Purpose: To determine prevalence of heel strike in a midsize city marathon, if there is an association between foot-strike classification and race performance, and if there is an association between foot-strike classification and gender.
Methods: Foot-strike classification (forefoot, midfoot, heel, or split strike), gender, and rank (position in race) were recorded at the 8.1-km mark for 2112 runners at the 2011 Milwaukee Lakefront Marathon.
Results: 1991 runners were classified by foot-strike pattern, revealing a heel-strike prevalence of 93.67% (n = 1865). A significant difference between foot-strike classification and performance was found using a Kruskal-Wallis test (P < .0001), with more elite performers being less likely to heel strike. No significant difference between foot-strike classification and gender was found using a Fisher exact test. In addition, subgroup analysis of the 126 non-heel strikers found no significant difference between shoe wear and performance using a Kruskal-Wallis test.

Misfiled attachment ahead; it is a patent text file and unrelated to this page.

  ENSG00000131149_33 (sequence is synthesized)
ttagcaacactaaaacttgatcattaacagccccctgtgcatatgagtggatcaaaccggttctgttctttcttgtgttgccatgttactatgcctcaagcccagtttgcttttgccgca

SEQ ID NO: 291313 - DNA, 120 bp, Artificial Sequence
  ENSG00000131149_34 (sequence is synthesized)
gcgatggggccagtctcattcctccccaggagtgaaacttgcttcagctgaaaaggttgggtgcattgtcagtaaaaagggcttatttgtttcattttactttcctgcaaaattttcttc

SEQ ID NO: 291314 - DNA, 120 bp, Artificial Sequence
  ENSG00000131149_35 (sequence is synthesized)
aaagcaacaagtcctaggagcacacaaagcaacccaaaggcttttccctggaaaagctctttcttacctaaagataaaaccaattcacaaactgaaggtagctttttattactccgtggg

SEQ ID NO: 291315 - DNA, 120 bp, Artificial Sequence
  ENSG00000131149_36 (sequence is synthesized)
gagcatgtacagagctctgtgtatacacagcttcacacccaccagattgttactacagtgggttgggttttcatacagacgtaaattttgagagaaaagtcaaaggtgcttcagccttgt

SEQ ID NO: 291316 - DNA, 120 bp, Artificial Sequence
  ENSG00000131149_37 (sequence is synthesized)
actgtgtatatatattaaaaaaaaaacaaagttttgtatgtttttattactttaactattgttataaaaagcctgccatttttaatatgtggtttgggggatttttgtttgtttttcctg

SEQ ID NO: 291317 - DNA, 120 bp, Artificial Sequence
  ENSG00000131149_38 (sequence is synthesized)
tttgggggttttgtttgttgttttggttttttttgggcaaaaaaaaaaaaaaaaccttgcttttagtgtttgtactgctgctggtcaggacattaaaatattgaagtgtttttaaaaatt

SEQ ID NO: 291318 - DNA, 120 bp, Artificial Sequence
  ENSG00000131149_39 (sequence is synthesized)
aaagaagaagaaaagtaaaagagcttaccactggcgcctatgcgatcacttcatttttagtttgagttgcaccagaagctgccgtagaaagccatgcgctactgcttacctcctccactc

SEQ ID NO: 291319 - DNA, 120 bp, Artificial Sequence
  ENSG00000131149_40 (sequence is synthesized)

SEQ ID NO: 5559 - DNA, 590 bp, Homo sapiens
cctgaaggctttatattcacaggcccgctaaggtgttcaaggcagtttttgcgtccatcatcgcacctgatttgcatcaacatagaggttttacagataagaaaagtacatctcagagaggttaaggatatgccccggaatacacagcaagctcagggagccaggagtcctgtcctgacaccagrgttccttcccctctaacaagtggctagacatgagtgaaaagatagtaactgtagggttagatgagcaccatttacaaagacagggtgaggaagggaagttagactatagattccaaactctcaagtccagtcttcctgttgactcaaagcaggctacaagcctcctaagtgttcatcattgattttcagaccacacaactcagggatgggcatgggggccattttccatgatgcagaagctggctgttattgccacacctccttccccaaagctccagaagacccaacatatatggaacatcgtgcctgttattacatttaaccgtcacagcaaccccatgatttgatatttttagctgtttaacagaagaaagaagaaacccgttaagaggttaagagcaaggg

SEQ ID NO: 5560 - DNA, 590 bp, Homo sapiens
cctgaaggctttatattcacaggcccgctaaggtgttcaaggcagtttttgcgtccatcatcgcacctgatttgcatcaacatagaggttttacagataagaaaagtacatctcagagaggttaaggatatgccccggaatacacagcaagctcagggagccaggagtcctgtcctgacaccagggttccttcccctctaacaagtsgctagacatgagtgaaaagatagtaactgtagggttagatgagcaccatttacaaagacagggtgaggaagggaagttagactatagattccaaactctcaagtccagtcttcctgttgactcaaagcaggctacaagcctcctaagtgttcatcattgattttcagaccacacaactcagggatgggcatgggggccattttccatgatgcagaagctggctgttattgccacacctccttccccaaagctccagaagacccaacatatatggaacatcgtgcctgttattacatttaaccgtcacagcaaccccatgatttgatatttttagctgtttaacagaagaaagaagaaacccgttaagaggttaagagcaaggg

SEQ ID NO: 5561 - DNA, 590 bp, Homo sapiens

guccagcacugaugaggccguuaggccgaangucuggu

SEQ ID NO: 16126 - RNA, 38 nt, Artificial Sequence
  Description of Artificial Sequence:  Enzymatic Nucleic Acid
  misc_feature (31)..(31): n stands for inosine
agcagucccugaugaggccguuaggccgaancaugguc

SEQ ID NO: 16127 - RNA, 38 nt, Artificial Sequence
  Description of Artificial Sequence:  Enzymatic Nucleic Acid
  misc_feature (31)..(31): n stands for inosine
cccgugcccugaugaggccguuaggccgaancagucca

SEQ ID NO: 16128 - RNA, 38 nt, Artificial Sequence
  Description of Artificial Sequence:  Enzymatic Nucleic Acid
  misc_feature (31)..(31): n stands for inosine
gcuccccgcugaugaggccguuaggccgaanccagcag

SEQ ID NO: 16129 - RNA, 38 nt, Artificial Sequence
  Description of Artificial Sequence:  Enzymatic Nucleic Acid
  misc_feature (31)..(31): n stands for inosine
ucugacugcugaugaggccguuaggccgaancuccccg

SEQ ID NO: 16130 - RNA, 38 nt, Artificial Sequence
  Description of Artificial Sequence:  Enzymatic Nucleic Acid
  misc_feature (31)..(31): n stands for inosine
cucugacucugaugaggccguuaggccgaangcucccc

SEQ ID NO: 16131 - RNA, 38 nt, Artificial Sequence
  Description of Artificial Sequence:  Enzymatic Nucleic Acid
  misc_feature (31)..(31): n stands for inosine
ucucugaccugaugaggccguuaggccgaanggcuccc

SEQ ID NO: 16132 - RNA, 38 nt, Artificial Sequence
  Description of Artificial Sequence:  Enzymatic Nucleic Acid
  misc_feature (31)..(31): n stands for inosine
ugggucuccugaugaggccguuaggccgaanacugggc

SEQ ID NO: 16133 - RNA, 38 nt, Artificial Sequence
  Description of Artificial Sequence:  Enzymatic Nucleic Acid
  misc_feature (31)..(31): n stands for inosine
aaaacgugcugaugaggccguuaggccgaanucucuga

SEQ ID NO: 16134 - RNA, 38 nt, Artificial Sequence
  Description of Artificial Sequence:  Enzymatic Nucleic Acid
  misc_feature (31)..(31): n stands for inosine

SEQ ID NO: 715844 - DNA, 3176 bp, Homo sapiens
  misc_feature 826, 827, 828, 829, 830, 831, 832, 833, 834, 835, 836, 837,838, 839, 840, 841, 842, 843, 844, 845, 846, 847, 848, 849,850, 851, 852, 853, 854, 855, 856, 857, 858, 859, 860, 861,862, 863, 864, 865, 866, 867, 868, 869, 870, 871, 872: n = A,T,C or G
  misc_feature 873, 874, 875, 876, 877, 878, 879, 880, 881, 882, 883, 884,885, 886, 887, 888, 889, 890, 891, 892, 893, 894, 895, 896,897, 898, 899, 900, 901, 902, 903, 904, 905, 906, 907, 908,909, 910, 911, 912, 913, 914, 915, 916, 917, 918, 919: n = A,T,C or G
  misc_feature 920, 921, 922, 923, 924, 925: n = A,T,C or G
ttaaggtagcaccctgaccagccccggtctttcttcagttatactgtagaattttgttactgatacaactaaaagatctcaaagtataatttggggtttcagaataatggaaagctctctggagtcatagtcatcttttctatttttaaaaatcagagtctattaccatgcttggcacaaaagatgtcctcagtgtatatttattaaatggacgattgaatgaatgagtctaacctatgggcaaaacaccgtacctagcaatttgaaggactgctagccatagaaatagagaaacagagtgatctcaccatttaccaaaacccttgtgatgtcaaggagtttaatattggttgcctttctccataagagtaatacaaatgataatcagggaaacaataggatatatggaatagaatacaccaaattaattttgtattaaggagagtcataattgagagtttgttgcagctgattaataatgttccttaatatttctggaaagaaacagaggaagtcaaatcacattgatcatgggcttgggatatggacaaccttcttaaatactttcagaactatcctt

Conclusions: The high prevalence of heel striking observed in this study reflects the foot-strike pattern of most mid-distance to long-distance runners and, more important, may predict their injury profile based on the biomechanics of a heel-strike running pattern. This knowledge can help clinicians appropriately diagnose, manage, and train modifications of injured runners.